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How Local Shopping Helps W.Va.'s Economy

With only two days left until Christmas, how many of you are still out looking for that one final gift? Well, there’s lots of ways to find that last present – big superstores, malls, or online – but what about shopping locally?  The West Virginia Small Business Administration says, small, local businesses employ nearly half of all West Virginia workers.

 

 

 Listen to the story.

During the holiday season, DeFluri’s Fine Chocolates in Martinsburg often sees a consistent line of people looking eagerly through their large, glass candy case at the back of the store.

 

“The milk chocolate pretzels are my favorite,” said Shepherdstown resident, and DeFluri's regular Tammy Kershner, “But my dad likes the chocolate covered cherries, and so instead of buying him the cheap, nasty box for three bucks at the grocery store, I come here and get him these.”

DeFluri's showroom.
Credit Liz McCormick / West Virginia Public Broadcasting
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DeFluri's showroom.

Quality is what DeFluri’s co-owner Brenda Casabona says helps her small business compete with the mass market like Hershey's or Nestle.

 

“People that want a better product," she explained, "and they realize that a better product entails a higher cost in general, on a food product because of the quality of your ingredients, so, that would be our target market, people that really do want a quality product.”

 

Brenda and Charlie Casabona opened DeFluri’s Fine Chocolates in downtown Martinsburg in 1998. Charlie says part of the attraction of shopping locally at a small business is the customer service and the ability to personalize products - especially at Christmas.

 

“As we get closer to Christmas,"Charlie said, "people come in and they pick every box, and the full service candy case is what they come in for.”

 

Two conveyor belts in DeFluri's chocolate factory.
Credit Liz McCormick / West Virginia Public Broadcasting
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Two conveyor belts in DeFluri's chocolate factory.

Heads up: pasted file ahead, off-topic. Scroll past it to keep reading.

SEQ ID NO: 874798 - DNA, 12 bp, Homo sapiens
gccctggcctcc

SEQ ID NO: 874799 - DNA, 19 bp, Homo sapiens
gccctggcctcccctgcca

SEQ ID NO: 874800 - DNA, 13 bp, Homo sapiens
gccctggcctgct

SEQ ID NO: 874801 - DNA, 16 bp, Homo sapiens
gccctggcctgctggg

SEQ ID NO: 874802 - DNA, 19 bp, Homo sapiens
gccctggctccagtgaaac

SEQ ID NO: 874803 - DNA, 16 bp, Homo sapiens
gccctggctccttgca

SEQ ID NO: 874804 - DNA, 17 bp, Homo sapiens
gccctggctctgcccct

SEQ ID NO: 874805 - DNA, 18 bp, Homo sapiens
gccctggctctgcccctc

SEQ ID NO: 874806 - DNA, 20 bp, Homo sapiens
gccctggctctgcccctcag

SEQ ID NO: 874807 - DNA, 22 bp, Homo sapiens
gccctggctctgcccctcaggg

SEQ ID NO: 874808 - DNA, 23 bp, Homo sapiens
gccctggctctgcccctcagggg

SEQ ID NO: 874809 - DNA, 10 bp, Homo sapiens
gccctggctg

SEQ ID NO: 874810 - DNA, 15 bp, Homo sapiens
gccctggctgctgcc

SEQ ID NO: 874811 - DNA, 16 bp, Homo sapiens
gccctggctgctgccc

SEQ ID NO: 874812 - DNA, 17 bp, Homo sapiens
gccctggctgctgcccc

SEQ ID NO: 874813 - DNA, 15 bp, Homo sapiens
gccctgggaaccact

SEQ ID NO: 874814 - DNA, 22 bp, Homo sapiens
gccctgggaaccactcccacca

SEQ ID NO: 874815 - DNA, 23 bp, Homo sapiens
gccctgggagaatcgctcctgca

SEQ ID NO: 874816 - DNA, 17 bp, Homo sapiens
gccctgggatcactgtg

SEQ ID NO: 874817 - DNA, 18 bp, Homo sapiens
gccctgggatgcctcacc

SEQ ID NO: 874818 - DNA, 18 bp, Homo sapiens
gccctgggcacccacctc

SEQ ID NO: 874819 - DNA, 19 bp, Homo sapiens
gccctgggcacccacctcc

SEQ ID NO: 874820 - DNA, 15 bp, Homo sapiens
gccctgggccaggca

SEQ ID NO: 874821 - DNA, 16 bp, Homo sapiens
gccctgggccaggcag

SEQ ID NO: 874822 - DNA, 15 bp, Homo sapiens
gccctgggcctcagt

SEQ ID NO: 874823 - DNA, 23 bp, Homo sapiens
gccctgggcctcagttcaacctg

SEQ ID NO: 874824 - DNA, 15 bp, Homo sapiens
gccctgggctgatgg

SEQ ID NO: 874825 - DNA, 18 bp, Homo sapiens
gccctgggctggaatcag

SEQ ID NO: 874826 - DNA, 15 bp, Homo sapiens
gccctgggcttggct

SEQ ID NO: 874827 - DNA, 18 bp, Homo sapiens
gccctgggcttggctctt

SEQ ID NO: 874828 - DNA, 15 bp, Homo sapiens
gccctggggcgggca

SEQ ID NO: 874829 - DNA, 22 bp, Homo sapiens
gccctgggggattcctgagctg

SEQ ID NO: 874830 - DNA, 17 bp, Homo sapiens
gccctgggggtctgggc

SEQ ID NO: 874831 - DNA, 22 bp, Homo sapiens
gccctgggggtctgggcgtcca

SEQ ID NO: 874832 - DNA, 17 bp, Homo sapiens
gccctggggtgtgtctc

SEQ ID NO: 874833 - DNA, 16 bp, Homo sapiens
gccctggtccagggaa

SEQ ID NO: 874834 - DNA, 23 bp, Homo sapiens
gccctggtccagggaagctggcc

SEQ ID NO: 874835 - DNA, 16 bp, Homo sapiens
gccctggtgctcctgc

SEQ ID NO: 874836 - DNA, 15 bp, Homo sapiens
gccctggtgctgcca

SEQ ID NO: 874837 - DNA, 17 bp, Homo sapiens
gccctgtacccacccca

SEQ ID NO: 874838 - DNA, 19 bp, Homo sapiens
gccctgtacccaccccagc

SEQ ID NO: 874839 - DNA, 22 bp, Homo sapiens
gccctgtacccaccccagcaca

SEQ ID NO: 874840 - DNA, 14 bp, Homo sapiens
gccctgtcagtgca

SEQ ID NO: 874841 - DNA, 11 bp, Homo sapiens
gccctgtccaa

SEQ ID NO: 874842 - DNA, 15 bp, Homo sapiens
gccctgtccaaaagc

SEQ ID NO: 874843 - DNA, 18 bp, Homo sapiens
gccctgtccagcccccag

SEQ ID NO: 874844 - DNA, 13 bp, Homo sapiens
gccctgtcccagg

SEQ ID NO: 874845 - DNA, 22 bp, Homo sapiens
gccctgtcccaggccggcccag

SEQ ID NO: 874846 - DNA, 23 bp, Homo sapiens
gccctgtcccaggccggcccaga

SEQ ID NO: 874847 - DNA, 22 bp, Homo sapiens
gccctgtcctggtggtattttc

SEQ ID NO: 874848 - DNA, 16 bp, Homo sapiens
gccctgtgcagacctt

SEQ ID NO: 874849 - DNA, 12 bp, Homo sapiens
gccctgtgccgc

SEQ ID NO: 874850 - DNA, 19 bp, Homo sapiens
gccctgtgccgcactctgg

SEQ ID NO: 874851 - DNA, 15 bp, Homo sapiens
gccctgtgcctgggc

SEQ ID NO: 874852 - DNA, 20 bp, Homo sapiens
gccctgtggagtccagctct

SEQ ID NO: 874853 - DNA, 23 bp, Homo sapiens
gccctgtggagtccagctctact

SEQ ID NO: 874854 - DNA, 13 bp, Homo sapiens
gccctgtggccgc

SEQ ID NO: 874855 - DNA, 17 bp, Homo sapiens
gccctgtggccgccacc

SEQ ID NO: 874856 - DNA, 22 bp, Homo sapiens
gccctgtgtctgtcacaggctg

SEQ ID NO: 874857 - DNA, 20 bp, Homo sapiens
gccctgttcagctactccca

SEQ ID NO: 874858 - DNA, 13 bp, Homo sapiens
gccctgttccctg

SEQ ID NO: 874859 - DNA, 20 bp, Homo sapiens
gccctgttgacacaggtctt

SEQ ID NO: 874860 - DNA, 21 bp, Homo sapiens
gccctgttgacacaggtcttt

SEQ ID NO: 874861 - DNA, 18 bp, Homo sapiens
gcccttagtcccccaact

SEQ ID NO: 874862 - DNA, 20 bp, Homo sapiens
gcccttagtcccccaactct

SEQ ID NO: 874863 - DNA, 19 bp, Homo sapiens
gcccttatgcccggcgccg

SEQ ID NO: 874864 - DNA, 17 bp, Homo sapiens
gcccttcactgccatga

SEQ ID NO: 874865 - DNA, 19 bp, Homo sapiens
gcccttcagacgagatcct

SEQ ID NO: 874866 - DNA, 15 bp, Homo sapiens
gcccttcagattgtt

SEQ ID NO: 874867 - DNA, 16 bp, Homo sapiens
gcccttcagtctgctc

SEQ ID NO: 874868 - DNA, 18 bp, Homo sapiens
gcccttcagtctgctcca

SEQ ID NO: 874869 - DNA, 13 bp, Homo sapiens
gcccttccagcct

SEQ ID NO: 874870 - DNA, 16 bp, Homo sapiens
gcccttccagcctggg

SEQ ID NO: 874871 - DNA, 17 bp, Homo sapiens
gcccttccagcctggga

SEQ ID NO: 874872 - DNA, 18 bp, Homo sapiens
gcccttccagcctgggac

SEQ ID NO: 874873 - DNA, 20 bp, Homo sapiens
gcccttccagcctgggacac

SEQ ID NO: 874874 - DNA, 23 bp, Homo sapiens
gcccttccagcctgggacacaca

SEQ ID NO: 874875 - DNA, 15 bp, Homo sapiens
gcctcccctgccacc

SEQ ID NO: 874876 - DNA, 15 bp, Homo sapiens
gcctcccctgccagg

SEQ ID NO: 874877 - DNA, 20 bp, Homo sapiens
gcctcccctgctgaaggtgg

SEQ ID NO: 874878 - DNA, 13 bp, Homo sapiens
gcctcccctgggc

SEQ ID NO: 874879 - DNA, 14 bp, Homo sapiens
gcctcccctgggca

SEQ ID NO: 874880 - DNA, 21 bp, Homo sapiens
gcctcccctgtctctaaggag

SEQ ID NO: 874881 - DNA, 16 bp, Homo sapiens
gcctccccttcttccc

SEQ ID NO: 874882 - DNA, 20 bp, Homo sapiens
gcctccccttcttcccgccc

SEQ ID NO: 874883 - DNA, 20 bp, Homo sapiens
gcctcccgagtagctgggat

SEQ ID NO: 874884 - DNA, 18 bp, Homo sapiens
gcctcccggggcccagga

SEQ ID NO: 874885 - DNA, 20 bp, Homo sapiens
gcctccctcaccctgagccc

Through a door in the back of the showroom is DeFluri’s own chocolate factory.It’s one, massive12,000 square-foot room with machines that swirl the chocolate, conveyer belts that cover the various candies with chocolate, and even an antique foil-wrapping machine.

 

“We make creams the old fashioned way that are cooked, so they’re very soft and flowy; jellies, nut clusters, authentic butter crunch," Charlie noted, "There are 17 flavors of truffles in the case.”

 

Charlie and Brenda say making and selling chocolate takes a lot of work, but it’s always worth it in the end when they see how much people love their product.

 

But shopping local at a small business, like DeFluri’s, has more impact than just choice and quality. Small businesses actually make up a large portion of employers in West Virginia. In fact, the West Virginia Small Business Administration, or SBA, says there are over 100,000 small businesses in the Mountain State, making up 95.6 percent of the state’s employers and 50.5 percent of West Virginia’s workforce.

DeFluri's chocolate factory in the back of the building.
Credit Liz McCormick / West Virginia Public Broadcasting
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DeFluri's chocolate factory in the back of the building.

 

Randy Lewis is the Executive Director of Main Street Martinsburg, which is part of a statewide initiative called Main Street West Virginia that tries to encourage people to shop more locally and revitalize communities.

 

He says shopping local, especially during the holidays, really makes a difference.

 

"It makes our community a sense of pride giving back, because you are supporting local jobs as well as showing support for them, so we need to keep that local economy local,” he explained."

Lewis says small businesses help make West Virginia towns a destination - and being a destination often means bolstering the local economy.

Some of the chocolates in DeFluri's candy case.
Liz McCormick / West Virginia Public Broadcasting
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Some of the chocolates in DeFluri's candy case.
Charlie Casabona puts warm, melted milk chocolate into a 2 foot tall Santa Claus mold.
Liz McCormick / West Virginia Public Broadcasting
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Charlie Casabona puts warm, melted milk chocolate into a 2 foot tall Santa Claus mold.
Charlie clamps the mold shut tightly, so it can be placed in a cool room and rotated for 20 minutes. This will keep the chocolate Santa hollow.
Liz McCormick / West Virginia Public Broadcasting
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Charlie clamps the mold shut tightly, so it can be placed in a cool room and rotated for 20 minutes. This will keep the chocolate Santa hollow.
After it's cooled and hardened, the chocolate Santa is ready to come out of the mold.
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After it's cooled and hardened, the chocolate Santa is ready to come out of the mold.
A 2 foot tall hollow, chocolate Santa Claus.
Liz McCormick / West Virginia Public Broadcasting
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A 2 foot tall hollow, chocolate Santa Claus.
Brenda and Charlie Casabona, owners of DeFluri's Fine Chocolates in Martinsburg.
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Brenda and Charlie Casabona, owners of DeFluri's Fine Chocolates in Martinsburg.

Copyright 2016 West Virginia Public Broadcasting

Liz McCormick
Elizabeth (Liz) McCormick grew up in Charleston, West Virginia with her grandmother. She graduated from Capital High School in 2010 and graduated from Shepherd University in 2014 with a B.A. in Communications: Digital Filmmaking and minor in Theater.